Marilyn Lake’s Progressive New World: How Settler Colonialism and Transpacific Exchange Shaped American Reform is a very impressive and accessible academic history that makes an important argument for Australasia and its significance as a precedent and exemplar for American progressives. As Lake shows, settler-colonialism and its racialised vision of citizen democracy was essential to the transnational progressive movement. On both sides of the Pacific, reformers sought to protect the rights and improve the living standards of the self-governing workers and their families, while simultaneously relying on the seizure of indigenous land and the exclusion of non-white immigrants.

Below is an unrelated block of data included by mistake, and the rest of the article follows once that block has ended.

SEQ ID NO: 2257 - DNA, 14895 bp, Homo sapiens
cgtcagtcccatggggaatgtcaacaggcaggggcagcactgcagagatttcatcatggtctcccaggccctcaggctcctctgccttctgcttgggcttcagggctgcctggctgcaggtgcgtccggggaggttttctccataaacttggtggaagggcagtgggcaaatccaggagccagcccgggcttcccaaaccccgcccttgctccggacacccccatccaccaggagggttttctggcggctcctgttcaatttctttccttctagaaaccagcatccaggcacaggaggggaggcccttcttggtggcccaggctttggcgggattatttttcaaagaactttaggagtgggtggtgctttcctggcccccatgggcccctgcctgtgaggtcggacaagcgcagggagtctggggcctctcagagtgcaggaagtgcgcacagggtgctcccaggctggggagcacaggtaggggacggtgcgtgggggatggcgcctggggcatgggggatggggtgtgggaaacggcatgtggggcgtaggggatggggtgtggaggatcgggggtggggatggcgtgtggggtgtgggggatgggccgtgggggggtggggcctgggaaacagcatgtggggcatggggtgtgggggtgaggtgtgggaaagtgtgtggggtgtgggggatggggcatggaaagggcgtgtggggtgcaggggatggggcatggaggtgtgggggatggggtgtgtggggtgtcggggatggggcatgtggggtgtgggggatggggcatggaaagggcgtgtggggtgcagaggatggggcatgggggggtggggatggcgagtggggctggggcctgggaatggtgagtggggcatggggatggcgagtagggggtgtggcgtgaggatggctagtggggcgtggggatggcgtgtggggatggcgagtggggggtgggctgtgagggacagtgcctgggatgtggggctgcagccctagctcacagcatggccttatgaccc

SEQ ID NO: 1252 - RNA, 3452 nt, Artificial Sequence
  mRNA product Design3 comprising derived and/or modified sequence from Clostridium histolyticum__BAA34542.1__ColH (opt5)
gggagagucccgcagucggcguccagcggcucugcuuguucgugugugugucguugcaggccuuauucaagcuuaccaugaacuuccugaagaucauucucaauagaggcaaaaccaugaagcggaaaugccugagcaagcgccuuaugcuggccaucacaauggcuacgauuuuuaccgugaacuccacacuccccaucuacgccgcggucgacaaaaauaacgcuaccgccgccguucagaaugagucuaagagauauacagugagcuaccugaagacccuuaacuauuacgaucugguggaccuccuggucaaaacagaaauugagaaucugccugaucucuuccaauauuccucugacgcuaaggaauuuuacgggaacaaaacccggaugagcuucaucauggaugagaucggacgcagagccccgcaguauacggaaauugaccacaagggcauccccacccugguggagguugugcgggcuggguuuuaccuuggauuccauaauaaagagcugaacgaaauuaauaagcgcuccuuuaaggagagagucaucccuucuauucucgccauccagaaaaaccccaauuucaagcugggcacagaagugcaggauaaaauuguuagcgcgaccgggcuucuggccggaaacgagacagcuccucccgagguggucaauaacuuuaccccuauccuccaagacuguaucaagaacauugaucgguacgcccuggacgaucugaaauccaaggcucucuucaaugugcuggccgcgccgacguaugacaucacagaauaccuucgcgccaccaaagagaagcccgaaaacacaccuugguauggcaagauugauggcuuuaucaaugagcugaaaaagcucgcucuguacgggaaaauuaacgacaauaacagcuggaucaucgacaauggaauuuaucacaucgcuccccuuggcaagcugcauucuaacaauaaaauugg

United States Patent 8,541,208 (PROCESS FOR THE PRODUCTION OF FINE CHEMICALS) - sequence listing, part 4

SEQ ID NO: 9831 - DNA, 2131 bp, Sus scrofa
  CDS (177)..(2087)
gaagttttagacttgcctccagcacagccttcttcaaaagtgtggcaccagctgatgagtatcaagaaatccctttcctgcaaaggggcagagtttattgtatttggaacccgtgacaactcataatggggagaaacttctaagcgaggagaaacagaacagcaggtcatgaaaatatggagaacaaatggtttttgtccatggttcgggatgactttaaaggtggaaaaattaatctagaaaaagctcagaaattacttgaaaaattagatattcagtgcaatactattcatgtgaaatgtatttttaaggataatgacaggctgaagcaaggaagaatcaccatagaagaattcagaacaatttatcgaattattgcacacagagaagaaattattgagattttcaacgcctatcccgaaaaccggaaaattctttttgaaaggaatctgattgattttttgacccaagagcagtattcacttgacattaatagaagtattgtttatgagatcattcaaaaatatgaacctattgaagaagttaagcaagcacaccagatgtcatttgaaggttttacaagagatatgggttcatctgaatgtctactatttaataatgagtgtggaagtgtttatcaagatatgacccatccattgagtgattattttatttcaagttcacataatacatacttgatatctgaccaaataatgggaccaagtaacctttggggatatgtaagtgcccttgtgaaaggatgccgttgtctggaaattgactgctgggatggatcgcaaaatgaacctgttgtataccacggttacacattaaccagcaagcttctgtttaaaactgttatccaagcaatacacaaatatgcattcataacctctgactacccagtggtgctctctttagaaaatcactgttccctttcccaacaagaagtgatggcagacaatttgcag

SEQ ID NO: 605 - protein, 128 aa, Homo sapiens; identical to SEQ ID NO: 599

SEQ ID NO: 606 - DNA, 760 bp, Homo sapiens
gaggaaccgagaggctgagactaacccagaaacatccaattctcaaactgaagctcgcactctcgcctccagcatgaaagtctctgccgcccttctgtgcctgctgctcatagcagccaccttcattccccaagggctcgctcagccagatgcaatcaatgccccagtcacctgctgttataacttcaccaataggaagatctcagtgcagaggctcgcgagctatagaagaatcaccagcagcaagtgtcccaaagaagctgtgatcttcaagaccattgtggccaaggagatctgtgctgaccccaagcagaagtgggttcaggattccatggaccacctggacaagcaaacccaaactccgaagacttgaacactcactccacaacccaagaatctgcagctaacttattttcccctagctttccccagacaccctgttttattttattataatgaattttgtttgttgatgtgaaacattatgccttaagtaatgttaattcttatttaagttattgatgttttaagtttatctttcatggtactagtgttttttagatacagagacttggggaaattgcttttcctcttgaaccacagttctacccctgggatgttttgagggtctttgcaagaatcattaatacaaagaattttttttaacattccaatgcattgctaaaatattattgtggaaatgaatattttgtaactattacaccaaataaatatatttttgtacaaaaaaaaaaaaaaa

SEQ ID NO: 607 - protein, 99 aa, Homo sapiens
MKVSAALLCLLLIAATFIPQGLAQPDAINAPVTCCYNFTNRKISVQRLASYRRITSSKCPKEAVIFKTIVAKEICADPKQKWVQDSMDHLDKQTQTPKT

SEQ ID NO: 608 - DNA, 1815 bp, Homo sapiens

Focusing on a series of key transnational figures, including Charles Henry Pearson, Catherine Spence and Theodore Roosevelt, Lake elegantly weaves their stories into a larger narrative of inclusion and exclusion which underlies contemporary liberal democracy. The fruit of decades of research, Progressive New World is a rare example of a book that will engage readers and scholars alike.